The Department's FY 2014-15 Priority Performance Goals
March 2014

The Department of Education has identified a limited number of priority goals that will be a particular focus over the next two years. These goals, which will help measure the success of the Department's cradle-to-career education strategy, reflect the importance of teaching and learning at all levels of the education system. These goals are consistent with the Department's five-year Strategic Plan and will be used to regularly monitor and report progress. To view information on all Department programs, please visit www.ed.gov.

Guiding Principle: Using Evidence to Drive Improvements in Policies and Programs

The effective implementation of the Department's priority and strategic goals will depend, in part, on the effective use of high-quality and timely data, including evaluations and performance measures, throughout the lifecycle of policies and programs. The Department is committed to increasing the number of programs and initiatives that are evaluated using methods that include those consistent with the What Works Clearinghouse Evidence Standards, and incorporating cost-effectiveness measures into evaluations and program improvement systems.

Priority Goals

  • Increase college degree attainment in America
    By Sept. 30, 2015, 45.6 percent of adults ages 25-34 will have an associate degree or higher, which will place the nation on track to reach the president's goal of 60 percent degree attainment by 2020.

  • Support implementation of college- and career-ready standards and assessments
    By Sept. 30, 2015, at least 50 states and territories [  1  ] will be implementing next-generation assessments, aligned with college- and career-ready standards.

  • Improve learning by ensuring that more students have effective teachers and leaders
    By Sept. 30, 2015, at least 37 states will have fully implemented teacher and principal evaluation and support systems that consider multiple measures of effectiveness, with student growth as a significant factor.

  • Ensure equitable educational opportunities
    By Sept. 30, 2015, the number of high schools with persistently low graduation rates [  2  ] will decrease by 5 percent annually. The national high school graduation rate will increase to 83 percent, as measured by the Adjusted Cohort Graduation Rate, and disparities in the national high school graduation rate among minority students, students with disabilities, English learners, and students in poverty will decrease.

  • Support comprehensive early learning assessment systems
    By Sept. 30, 2015, at least nine states will be collecting and reporting disaggregated data on the status of children at kindergarten entry using a common measure.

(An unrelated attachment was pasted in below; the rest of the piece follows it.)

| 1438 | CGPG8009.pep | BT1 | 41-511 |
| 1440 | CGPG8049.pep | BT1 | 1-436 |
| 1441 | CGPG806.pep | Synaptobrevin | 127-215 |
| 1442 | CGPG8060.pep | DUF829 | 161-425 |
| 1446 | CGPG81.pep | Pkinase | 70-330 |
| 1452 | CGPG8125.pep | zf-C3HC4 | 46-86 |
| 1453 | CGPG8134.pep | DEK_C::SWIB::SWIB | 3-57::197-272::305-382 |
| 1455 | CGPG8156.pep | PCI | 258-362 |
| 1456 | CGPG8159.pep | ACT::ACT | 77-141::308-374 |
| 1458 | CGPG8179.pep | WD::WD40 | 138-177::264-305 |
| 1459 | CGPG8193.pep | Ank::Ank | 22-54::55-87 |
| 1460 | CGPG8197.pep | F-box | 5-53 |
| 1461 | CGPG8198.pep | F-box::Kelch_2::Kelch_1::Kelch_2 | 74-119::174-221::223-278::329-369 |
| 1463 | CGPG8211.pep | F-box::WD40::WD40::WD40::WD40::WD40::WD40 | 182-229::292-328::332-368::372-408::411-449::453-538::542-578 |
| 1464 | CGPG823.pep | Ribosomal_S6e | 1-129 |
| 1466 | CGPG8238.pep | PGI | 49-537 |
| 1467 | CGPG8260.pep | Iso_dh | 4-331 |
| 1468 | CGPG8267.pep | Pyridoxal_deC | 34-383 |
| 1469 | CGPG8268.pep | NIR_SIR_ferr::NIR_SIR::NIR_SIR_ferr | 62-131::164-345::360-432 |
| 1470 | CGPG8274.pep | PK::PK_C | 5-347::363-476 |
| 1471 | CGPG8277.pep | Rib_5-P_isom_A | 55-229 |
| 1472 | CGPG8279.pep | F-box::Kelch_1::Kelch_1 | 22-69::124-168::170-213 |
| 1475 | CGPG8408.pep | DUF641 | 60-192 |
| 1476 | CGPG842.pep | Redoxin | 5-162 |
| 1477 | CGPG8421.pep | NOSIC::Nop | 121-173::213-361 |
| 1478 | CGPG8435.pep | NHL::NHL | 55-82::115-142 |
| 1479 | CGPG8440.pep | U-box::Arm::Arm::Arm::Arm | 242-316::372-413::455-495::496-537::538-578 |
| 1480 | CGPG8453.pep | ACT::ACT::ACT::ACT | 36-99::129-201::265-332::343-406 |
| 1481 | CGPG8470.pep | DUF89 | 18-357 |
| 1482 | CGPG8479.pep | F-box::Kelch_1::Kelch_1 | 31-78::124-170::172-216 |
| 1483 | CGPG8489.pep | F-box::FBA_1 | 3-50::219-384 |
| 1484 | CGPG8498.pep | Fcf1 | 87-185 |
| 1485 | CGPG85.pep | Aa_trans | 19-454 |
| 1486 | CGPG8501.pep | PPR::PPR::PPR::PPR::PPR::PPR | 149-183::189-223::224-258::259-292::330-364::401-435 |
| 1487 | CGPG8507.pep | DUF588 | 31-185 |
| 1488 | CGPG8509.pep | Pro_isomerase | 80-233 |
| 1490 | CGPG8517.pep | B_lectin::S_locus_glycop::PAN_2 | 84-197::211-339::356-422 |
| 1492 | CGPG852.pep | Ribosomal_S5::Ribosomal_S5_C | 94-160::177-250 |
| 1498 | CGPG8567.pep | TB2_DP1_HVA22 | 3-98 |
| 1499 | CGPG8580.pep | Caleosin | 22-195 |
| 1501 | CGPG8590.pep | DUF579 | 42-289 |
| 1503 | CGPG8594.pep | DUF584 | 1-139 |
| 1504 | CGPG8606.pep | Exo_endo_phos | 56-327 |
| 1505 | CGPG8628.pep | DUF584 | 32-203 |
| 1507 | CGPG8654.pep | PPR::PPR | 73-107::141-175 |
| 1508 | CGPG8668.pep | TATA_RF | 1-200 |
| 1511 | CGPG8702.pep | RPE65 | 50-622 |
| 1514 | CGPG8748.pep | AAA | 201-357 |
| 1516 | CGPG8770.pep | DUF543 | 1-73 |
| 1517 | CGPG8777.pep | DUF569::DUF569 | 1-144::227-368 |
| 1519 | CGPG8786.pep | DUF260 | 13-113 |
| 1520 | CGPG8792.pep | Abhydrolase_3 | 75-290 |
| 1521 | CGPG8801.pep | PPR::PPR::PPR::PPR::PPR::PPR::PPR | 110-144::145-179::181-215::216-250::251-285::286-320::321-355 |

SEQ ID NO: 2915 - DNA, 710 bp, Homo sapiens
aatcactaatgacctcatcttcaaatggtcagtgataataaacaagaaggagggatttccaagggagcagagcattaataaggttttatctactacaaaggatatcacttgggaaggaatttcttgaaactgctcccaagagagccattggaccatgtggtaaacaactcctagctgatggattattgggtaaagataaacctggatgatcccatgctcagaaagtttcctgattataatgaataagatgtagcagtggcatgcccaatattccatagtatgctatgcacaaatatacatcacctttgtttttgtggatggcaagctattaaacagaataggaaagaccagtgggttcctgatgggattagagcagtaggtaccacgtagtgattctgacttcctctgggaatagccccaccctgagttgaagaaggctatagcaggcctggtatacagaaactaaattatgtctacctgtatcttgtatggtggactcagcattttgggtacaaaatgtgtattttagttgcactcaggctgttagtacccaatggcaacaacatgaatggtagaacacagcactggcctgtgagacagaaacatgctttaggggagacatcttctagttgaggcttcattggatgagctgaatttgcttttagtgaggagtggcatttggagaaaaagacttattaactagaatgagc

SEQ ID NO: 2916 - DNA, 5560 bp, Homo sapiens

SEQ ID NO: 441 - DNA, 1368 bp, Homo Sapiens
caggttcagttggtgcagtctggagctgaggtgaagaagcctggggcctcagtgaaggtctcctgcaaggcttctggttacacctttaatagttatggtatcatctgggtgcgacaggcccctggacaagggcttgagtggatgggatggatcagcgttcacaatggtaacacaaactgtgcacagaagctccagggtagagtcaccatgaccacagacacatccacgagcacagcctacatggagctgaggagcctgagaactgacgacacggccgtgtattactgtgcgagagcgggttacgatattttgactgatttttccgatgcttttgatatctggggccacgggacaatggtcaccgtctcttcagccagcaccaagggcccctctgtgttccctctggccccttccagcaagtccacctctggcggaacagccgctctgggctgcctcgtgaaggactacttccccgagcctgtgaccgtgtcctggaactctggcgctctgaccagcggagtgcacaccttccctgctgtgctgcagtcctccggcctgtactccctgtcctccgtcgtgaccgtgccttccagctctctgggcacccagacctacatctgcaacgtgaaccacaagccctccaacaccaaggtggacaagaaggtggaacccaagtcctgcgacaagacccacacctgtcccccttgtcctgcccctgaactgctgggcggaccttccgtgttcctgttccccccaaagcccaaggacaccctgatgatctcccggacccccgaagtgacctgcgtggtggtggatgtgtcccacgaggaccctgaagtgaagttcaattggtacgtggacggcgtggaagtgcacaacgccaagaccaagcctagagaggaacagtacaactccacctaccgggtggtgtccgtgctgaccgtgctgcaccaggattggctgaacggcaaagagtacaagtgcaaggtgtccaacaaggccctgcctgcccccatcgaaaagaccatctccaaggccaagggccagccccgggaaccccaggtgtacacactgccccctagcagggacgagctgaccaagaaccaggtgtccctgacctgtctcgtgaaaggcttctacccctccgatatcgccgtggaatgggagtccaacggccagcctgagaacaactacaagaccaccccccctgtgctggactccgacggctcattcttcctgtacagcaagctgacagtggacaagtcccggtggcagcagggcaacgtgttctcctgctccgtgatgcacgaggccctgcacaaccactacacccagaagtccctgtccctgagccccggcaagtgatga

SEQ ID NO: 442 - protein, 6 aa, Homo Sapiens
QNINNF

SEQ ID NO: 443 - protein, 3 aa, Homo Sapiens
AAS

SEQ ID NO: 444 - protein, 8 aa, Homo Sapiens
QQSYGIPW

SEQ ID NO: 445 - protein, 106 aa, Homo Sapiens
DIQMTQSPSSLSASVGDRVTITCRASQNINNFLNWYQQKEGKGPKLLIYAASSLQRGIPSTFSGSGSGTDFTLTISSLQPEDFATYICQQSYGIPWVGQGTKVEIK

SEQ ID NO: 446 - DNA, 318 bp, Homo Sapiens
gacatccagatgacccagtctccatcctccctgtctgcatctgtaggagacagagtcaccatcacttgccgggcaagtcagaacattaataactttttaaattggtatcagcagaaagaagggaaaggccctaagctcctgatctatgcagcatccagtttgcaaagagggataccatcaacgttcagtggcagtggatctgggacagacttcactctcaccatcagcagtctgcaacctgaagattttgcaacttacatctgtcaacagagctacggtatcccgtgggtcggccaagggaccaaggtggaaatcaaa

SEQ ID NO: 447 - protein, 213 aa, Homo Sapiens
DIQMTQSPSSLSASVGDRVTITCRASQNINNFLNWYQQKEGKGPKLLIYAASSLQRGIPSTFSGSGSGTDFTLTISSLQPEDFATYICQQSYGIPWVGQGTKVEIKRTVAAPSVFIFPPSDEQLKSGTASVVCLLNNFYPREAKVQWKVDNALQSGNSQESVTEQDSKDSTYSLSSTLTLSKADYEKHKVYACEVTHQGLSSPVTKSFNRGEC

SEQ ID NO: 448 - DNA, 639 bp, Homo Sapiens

• Enable evidence-based decision making
    By Sept. 30, 2015, the percentage of select new [  3  ] (non-continuation) competitive grant dollars that reward evidence will increase by 70 percent.

For more information on the Department's FY 2014-15 Priority Goals, please go to www.Performance.gov.


  1. In addition to the 50 states, the District of Columbia, Puerto Rico, and other territories are candidates for implementing these assessments.

  2. Consistent with the ESEA Flexibility definition, persistently low graduation rate is defined as a less than 60 percent graduation rate. Persistently low graduation rate high schools are defined as regular and vocational high schools with an average minimum cohort size of 65 or more, and an average ACGR of 60 percent or less over two years.

  3. "New competitive grant dollars that reward evidence" includes all dollars awarded based on the existence of at least "evidence of promise" in support of a project, per the framework in the Education Department General Administrative Regulations (34 CFR Part 75). Consideration of such evidence appears through: eligibility threshold (e.g., in the Investing in Innovation program); absolute priority; competitive priority (earning at least one point for it); or selection criteria (earning at least one point for it). The percentage is calculated compared to the total new grant dollars awarded, excluding awards made by the Institute of Education Sciences, the National Institute on Disability and Rehabilitation Research, and technical assistance centers, with some exceptions.

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Last Modified: 03/10/2014